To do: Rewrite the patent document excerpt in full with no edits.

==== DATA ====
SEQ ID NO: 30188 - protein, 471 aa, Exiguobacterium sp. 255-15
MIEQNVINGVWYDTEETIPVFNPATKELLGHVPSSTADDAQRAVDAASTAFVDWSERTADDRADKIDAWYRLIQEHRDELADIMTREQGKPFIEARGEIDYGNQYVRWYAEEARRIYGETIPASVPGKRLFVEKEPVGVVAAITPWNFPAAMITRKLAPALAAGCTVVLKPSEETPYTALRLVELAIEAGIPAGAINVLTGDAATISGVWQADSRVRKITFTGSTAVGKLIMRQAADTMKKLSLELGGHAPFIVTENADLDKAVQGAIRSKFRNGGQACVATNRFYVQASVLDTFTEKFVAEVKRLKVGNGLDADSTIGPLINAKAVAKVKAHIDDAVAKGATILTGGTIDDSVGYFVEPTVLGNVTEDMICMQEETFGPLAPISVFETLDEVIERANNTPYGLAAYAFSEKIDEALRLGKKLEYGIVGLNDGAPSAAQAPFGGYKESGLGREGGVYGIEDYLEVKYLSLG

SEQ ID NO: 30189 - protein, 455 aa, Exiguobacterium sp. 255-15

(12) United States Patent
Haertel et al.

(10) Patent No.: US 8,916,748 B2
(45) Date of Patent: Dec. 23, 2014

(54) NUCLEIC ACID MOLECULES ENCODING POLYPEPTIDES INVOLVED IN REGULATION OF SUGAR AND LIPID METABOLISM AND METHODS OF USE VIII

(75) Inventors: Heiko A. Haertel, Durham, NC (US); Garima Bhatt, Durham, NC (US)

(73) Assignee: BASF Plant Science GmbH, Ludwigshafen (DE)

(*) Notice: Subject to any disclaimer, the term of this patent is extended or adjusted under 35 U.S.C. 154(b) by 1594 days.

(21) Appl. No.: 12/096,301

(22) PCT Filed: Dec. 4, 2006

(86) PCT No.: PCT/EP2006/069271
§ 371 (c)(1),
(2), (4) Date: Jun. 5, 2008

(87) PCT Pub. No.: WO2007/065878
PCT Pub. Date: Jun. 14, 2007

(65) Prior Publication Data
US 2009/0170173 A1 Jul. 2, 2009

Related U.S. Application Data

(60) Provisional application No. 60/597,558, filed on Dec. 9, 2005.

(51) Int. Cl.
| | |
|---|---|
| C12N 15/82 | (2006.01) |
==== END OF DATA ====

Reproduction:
SEQ ID NO: 30188 - protein, 471 aa, Exiguobacterium sp. 255-15
MIEQNVINGVWYDTEETIPVFNPATKELLGHVPSSTADDAQRAVDAASTAFVDWSERTADDRADKIDAWYRLIQEHRDELADIMTREQGKPFIEARGEIDYGNQYVRWYAEEARRIYGETIPASVPGKRLFVEKEPVGVVAAITPWNFPAAMITRKLAPALAAGCTVVLKPSEETPYTALRLVELAIEAGIPAGAINVLTGDAATISGVWQADSRVRKITFTGSTAVGKLIMRQAADTMKKLSLELGGHAPFIVTENADLDKAVQGAIRSKFRNGGQACVATNRFYVQASVLDTFTEKFVAEVKRLKVGNGLDADSTIGPLINAKAVAKVKAHIDDAVAKGATILTGGTIDDSVGYFVEPTVLGNVTEDMICMQEETFGPLAPISVFETLDEVIERANNTPYGLAAYAFSEKIDEALRLGKKLEYGIVGLNDGAPSAAQAPFGGYKESGLGREGGVYGIEDYLEVKYLSLG

SEQ ID NO: 30189 - protein, 455 aa, Exiguobacterium sp. 255-15

(12) United States Patent
Haertel et al.

(10) Patent No.: US 8,916,748 B2
(45) Date of Patent: Dec. 23, 2014

(54) NUCLEIC ACID MOLECULES ENCODING POLYPEPTIDES INVOLVED IN REGULATION OF SUGAR AND LIPID METABOLISM AND METHODS OF USE VIII

(75) Inventors: Heiko A. Haertel, Durham, NC (US); Garima Bhatt, Durham, NC (US)

(73) Assignee: BASF Plant Science GmbH, Ludwigshafen (DE)

(*) Notice: Subject to any disclaimer, the term of this patent is extended or adjusted under 35 U.S.C. 154(b) by 1594 days.

(21) Appl. No.: 12/096,301

(22) PCT Filed: Dec. 4, 2006

(86) PCT No.: PCT/EP2006/069271
§ 371 (c)(1),
(2), (4) Date: Jun. 5, 2008

(87) PCT Pub. No.: WO2007/065878
PCT Pub. Date: Jun. 14, 2007

(65) Prior Publication Data
US 2009/0170173 A1 Jul. 2, 2009

Related U.S. Application Data

(60) Provisional application No. 60/597,558, filed on Dec. 9, 2005.

(51) Int. Cl.
| | |
|---|---|
| C12N 15/82 | (2006.01) |